The two-fold goal of the act is to “increase the use of energy-efficiency technologies in the residential, commercial and industrial sectors of our economy, while also fostering job creation,” by using “low-cost tools to reduce barriers for private sector energy users and drive adoption of off-the-shelf efficiency technologies that will save businesses and consumers money, make America more energy independent, and reduce emissions.”

“One of the things the legislation would do is set up a revolving loan program and expand the DOE loan guarantee program to hopefully make more funding available to businesses,” Shaheen said. “It also sets up a program that’s based on what the New Hampshire Electric Co-Op has been doing through their SmartSTART Program, which would allow co-ops around the country to make microloans to customers and then pay those back through their utility bills.”

On her tour, Shaheen called the immediate success of Sullivan Construction’s energy efficiency “fascinating.”

“I think (Sullivan Construction’s building is) indicative of what can be done with some additional cost, but as you heard, a lot of what was done has already paid for itself,” Shaheen said.

Sullivan said his company realized the costs of energy-efficient improvements in about two years.

“Most people want to be energy-efficient,” Shaheen said. “They see that there are savings there.”

Shaheen also emphasized that the beautiful aesthetics of the Sullivan Construction building were not compromised by sustainable energy efforts.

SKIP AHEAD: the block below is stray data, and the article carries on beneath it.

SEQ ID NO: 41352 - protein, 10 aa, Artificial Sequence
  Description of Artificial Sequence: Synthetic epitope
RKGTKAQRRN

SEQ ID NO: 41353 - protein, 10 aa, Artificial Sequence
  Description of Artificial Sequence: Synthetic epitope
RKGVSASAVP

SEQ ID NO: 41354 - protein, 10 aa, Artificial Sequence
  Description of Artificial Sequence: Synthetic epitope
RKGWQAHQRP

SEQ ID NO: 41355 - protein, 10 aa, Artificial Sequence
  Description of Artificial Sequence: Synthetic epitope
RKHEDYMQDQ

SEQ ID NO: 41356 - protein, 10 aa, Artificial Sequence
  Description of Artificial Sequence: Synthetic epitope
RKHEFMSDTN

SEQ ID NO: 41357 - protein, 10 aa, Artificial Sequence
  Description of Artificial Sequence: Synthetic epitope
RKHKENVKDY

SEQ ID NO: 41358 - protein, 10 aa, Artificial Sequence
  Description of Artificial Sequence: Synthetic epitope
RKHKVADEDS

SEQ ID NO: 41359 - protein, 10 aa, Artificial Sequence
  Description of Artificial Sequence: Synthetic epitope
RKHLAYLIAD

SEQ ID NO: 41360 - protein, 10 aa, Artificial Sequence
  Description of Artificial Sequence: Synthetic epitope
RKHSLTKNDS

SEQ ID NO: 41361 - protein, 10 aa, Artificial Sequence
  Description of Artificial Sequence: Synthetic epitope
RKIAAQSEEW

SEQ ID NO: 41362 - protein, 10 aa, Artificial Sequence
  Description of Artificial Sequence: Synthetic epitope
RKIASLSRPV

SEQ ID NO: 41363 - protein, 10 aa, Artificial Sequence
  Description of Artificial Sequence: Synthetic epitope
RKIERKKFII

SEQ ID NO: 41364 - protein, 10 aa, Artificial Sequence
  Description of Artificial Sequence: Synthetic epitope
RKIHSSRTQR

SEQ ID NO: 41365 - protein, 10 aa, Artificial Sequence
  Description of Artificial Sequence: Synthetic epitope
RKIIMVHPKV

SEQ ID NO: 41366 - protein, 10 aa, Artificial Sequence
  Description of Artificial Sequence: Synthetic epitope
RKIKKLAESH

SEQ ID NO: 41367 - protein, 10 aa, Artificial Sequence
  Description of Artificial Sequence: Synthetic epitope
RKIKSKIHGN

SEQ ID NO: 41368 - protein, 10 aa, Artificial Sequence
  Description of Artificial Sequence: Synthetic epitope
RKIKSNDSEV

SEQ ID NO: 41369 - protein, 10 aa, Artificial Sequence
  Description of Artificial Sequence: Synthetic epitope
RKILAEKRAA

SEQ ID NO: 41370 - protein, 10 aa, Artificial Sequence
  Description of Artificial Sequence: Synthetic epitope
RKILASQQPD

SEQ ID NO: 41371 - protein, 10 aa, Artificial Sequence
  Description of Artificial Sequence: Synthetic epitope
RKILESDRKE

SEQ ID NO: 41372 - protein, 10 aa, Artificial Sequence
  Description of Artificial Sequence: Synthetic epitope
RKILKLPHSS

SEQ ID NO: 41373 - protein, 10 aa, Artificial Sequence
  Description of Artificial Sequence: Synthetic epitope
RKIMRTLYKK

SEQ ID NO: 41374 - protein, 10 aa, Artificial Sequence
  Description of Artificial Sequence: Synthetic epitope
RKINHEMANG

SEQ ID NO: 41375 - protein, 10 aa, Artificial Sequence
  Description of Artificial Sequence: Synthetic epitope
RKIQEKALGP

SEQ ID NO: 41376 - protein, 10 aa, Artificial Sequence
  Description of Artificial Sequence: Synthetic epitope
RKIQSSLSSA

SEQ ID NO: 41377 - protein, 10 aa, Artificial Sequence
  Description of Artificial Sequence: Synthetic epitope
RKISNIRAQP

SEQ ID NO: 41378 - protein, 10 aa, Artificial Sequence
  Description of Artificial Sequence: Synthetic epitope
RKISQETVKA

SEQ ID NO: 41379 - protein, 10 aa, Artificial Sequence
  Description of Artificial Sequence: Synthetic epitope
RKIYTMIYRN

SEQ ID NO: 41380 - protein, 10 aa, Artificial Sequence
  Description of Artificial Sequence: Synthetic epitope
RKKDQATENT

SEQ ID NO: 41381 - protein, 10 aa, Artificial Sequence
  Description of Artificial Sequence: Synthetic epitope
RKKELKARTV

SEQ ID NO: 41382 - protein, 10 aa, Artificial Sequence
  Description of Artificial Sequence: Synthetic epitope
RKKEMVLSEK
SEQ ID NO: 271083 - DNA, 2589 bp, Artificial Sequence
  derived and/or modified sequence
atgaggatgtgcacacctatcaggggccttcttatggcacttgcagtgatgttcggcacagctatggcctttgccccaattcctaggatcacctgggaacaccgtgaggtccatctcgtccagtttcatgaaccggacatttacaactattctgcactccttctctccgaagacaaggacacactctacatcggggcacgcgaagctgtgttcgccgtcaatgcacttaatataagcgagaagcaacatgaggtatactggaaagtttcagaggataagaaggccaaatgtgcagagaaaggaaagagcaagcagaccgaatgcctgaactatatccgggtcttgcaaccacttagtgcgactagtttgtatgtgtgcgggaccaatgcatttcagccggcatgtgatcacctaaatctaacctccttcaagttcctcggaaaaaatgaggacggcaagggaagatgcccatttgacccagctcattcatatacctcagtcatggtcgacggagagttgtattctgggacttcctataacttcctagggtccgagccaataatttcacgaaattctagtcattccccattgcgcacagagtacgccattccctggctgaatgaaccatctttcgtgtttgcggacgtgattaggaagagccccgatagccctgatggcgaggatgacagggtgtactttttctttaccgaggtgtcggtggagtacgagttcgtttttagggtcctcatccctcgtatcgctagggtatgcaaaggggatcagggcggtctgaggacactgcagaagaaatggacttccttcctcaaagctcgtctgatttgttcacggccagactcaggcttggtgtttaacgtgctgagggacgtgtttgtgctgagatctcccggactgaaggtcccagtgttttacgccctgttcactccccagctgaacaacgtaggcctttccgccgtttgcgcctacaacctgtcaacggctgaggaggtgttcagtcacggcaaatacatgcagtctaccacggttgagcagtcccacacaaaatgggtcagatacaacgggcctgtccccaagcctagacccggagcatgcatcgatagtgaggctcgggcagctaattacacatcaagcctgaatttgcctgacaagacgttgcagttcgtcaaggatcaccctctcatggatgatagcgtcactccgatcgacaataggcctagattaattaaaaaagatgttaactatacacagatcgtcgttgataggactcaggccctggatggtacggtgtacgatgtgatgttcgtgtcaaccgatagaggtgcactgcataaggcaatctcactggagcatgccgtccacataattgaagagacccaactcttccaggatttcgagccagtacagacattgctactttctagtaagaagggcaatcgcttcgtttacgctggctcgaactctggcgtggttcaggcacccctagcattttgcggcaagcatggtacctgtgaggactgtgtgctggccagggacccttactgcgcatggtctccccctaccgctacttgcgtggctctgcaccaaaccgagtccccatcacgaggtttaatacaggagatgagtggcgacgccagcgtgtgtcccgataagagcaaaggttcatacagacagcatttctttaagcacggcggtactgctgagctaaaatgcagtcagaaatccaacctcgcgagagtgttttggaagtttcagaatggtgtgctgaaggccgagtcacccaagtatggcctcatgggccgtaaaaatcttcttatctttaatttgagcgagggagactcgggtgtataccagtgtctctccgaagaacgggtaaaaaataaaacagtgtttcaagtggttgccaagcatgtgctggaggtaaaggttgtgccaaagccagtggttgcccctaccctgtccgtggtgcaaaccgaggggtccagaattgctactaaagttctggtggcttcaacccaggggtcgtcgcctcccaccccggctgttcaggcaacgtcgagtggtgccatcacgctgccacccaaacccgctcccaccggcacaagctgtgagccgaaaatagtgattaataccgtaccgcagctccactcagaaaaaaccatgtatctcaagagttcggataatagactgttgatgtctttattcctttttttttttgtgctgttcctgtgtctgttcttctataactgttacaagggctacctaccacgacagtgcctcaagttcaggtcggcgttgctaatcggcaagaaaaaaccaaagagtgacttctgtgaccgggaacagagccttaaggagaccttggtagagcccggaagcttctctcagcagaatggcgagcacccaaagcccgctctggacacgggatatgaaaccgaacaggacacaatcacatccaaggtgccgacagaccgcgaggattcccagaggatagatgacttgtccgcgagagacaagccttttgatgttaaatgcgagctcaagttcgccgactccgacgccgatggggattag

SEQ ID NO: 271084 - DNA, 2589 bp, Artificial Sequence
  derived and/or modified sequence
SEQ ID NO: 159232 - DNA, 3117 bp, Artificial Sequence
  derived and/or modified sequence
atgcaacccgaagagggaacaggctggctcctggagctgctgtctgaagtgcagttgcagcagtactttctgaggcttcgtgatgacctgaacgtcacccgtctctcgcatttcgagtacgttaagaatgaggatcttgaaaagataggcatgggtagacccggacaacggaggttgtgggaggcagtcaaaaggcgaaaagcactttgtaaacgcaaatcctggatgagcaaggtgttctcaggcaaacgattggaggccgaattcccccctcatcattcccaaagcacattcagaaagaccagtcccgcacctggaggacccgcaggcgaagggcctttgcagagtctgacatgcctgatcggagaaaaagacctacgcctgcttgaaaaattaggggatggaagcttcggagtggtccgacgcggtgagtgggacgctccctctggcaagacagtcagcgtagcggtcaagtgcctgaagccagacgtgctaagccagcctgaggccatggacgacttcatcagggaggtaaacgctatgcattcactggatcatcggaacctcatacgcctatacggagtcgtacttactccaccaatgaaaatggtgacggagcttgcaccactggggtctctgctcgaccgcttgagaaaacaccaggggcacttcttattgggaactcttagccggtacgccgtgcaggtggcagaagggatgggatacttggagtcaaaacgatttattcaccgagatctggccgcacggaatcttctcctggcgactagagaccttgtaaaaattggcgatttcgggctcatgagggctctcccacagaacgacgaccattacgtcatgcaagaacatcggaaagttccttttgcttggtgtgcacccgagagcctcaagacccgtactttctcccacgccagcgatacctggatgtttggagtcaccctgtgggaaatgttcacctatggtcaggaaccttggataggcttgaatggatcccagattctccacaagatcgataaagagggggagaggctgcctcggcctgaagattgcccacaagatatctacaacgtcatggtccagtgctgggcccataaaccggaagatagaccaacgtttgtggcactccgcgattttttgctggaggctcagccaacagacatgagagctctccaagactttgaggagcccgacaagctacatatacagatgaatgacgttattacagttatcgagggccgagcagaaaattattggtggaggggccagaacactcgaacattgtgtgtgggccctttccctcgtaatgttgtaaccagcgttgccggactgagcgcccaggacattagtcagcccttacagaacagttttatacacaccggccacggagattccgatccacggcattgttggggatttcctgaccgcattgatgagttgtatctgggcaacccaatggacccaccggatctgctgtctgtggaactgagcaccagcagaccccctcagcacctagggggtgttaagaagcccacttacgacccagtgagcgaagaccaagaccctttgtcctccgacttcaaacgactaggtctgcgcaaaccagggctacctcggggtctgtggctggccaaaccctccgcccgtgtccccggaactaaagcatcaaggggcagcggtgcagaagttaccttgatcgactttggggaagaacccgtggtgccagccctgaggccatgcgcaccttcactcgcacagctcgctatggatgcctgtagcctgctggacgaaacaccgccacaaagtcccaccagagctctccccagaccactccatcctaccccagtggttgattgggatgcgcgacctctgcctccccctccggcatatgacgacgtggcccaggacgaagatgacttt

“You can see that so much of it is in the systems here, the HVAC and the lighting, and if you look at the materials,” Shaheen said. “I talk to people who say, ‘Well, some of the energy-efficient materials are not as pretty,’ but I think this tour belies that concern. It really is a great model for what can be done and hopefully what our legislation can do to give many more businesses the opportunities to make these kinds of changes in their buildings, which will save energy.”

Sullivan said energy- efficiency tactics actually contribute largely to the work environment’s positive feel.

“It is much better because we have so much better control over our work areas,” Sullivan said. “The building itself is more efficient. There’s all kinds of studies that have been done on productivity and things like that – that you get the benefits – less sick days for employees because you have a good working environment. We spend 90 percent of our time indoors, and if we can have good, quality indoor air in our environment, both at home and at work, then it’s just better for us.”

Who wouldn’t prefer a little more natural sunlight over the fluorescent bulbs of cubicle life? Sullivan Construction’s long, gaping windows and skylights do just that, letting the outdoor light, in.

“All of our offices are located around the perimeter (of the building), so there’s more natural light that people take advantage of,” Sullivan said. “We try to utilize all those types of things.”

And while Shaheen works on passing her Energy Savings and Industrial Competitiveness Act of 2011, Sullivan says he continues to enjoy showing others what they stand to gain with energy efficient buildings.

“The benefits have been much, much greater than I would’ve anticipated,” Sullivan said. “There’s lots of things. We were able to meet with different folks and we give a lot of tours. We do a lot of educating as part of our mission, too, we’ve had schools and chambers of commerce and all kinds of different groups and associations that have come through, and so it’s helped us in business greatly. We’ve also done some government buildings because of our experience doing this type of thing as well, which is really helpful to us.”

“It’s just steps and getting people going and trying to do some different things,” he said. “I feel like since we’ve done this, there’s been a lot more traction with people, as well in the market today.”

Maryalice Gill can be reached at 594-6490 or mgill@nashuatelegraph.com.